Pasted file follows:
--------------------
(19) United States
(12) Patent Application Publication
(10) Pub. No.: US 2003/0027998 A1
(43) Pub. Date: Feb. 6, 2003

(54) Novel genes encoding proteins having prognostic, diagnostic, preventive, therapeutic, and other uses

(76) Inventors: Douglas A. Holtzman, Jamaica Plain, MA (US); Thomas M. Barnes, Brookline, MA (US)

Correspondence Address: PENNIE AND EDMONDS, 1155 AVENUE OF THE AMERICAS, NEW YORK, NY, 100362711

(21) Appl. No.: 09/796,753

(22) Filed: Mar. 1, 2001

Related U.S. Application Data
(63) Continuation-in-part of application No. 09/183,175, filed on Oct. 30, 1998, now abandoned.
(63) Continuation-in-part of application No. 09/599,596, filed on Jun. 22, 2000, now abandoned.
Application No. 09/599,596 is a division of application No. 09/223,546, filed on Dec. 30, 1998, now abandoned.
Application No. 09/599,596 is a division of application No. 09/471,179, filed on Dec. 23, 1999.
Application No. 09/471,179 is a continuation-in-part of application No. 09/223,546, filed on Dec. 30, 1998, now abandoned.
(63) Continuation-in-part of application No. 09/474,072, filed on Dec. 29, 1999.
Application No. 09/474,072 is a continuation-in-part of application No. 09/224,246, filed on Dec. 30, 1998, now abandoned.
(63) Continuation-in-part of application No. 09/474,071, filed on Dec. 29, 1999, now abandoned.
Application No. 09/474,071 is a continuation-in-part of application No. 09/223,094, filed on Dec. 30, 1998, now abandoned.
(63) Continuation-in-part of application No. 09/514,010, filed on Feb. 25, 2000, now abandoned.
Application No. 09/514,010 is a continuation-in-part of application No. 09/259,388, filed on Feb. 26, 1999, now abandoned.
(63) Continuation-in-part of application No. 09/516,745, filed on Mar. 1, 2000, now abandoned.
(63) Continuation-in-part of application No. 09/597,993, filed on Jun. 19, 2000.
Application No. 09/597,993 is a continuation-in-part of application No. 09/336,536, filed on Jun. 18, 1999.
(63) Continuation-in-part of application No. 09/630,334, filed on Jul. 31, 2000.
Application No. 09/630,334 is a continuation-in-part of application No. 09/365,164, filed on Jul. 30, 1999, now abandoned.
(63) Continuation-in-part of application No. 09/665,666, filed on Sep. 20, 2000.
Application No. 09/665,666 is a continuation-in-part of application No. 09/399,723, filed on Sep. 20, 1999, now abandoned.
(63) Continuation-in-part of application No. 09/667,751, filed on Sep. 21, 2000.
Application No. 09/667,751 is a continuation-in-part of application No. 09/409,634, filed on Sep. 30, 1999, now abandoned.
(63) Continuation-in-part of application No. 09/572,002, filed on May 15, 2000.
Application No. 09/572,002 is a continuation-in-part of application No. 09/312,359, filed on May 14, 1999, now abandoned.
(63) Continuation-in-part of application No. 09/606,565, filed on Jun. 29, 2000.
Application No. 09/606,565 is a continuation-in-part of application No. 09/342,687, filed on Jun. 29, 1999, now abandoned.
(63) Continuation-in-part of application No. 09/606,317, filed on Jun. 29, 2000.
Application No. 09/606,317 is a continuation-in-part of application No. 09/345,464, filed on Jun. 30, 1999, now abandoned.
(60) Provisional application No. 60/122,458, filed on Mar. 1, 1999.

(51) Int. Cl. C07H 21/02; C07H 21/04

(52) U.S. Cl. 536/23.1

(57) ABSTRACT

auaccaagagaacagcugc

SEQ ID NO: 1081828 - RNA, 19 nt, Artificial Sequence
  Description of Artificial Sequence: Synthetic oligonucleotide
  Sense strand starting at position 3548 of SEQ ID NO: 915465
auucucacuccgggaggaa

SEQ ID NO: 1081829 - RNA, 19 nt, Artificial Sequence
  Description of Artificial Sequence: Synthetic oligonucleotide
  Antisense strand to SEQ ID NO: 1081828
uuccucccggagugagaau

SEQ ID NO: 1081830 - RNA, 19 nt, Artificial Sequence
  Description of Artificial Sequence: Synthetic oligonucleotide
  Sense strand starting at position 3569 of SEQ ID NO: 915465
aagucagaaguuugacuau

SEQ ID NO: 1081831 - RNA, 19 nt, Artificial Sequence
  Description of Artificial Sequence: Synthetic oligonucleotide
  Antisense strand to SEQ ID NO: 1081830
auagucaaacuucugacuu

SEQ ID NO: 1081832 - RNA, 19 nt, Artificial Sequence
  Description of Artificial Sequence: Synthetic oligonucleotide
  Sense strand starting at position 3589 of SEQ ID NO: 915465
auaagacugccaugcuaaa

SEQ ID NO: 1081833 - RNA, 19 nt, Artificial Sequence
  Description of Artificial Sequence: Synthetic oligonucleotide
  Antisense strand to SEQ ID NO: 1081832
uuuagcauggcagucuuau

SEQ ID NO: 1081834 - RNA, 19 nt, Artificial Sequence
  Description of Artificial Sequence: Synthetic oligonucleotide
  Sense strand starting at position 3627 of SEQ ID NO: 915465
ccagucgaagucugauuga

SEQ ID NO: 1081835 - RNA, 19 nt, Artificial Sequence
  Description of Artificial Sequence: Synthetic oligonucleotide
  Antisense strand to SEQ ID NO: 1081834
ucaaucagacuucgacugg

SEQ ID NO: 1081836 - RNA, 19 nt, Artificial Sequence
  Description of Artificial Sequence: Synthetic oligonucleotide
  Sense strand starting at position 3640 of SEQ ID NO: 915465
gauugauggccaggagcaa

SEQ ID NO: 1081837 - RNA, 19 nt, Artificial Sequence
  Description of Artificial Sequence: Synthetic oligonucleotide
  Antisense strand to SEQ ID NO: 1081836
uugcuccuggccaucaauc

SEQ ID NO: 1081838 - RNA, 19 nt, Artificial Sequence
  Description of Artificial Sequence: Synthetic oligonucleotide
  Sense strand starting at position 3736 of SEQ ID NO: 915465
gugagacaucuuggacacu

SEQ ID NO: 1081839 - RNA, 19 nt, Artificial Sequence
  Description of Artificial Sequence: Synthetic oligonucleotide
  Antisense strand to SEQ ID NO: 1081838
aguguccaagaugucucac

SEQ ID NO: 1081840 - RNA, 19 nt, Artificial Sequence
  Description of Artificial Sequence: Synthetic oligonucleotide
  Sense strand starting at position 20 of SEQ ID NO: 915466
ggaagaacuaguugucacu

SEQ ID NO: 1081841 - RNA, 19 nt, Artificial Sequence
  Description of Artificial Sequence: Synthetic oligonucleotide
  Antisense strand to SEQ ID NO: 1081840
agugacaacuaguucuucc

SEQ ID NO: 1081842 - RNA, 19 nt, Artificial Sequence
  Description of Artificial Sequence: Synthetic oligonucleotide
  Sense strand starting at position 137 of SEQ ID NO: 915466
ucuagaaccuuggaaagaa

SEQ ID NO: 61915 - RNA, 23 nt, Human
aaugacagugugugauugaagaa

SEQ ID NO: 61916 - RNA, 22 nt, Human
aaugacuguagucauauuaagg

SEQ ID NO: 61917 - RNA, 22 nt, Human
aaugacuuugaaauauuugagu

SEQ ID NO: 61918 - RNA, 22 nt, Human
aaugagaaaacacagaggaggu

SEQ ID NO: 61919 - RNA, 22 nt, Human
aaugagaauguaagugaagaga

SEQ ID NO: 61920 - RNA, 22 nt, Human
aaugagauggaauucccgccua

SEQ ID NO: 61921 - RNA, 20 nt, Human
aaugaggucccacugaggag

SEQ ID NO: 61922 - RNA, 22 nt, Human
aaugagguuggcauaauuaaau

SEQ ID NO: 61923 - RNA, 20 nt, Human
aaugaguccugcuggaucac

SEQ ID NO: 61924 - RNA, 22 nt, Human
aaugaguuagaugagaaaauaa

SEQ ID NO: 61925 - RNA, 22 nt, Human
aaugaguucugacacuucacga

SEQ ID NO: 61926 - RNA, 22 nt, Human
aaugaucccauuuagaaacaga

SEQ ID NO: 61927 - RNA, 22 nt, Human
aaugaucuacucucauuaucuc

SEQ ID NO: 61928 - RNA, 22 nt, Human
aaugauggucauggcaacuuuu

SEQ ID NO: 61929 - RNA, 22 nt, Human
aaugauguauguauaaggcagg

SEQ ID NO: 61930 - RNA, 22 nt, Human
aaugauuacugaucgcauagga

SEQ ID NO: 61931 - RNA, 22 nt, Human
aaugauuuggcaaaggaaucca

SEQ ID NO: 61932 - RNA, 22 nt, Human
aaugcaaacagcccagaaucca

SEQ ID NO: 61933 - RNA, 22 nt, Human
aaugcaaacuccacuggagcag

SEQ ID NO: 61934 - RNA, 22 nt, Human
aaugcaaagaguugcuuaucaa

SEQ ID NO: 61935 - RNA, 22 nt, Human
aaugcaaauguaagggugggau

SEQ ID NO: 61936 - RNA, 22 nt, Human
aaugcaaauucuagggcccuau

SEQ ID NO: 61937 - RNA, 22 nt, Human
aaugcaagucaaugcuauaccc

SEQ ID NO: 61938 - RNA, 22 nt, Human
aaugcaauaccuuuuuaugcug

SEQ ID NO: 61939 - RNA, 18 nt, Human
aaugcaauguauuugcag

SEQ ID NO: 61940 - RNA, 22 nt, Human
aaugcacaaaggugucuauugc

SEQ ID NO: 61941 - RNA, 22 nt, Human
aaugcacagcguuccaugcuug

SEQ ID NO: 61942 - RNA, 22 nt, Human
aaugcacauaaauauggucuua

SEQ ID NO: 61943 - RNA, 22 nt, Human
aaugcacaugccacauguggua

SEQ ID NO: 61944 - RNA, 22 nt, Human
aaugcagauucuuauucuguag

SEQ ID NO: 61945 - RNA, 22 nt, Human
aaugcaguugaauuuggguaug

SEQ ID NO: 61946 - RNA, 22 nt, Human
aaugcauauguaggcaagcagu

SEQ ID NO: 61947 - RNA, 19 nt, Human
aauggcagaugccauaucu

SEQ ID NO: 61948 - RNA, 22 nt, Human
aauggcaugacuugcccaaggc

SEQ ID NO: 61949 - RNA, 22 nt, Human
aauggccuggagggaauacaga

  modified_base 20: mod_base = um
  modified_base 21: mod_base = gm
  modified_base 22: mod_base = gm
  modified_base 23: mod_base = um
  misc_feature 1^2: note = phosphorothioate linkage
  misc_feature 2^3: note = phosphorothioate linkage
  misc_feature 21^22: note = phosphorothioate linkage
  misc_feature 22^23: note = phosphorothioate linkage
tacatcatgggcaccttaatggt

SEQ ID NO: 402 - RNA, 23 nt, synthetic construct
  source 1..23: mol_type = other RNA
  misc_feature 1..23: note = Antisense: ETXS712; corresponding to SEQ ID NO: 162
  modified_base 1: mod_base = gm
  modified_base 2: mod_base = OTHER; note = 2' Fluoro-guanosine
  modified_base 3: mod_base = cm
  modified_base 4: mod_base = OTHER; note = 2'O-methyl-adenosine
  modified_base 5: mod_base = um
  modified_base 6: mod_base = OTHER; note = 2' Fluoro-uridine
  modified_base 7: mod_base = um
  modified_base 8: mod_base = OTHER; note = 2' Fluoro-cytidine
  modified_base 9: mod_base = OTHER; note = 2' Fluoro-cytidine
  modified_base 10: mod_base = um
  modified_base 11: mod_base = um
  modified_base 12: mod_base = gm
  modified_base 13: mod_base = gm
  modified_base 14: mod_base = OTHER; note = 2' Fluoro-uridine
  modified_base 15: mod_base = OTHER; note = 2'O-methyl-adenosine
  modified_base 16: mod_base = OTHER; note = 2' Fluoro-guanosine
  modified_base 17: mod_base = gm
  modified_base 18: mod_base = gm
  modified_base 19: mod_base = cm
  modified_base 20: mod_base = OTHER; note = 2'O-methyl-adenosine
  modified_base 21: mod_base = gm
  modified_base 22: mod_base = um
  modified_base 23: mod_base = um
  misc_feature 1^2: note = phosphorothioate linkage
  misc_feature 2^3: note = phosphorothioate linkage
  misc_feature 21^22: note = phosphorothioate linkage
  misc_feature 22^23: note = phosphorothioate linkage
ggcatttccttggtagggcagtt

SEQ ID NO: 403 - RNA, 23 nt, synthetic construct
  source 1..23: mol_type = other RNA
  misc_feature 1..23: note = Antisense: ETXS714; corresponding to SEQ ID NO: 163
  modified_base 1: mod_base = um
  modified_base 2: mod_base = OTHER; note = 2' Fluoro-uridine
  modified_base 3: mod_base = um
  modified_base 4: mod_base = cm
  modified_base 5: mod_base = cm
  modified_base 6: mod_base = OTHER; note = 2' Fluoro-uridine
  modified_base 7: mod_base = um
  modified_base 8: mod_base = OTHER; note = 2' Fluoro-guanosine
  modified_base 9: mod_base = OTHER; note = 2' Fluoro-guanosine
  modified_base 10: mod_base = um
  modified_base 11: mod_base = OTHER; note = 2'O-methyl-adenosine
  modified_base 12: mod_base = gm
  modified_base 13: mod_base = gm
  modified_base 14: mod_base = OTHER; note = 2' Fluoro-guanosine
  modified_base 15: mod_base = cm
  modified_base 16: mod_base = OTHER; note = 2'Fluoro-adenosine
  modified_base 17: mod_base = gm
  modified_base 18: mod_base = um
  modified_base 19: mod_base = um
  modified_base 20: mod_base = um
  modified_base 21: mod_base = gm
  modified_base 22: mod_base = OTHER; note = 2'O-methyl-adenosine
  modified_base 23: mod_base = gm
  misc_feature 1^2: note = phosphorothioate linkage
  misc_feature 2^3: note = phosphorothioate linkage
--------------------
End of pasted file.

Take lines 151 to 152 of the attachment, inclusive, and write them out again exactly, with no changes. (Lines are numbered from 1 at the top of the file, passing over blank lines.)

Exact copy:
aaugcaauguauuugcag

SEQ ID NO: 61940 - RNA, 22 nt, Human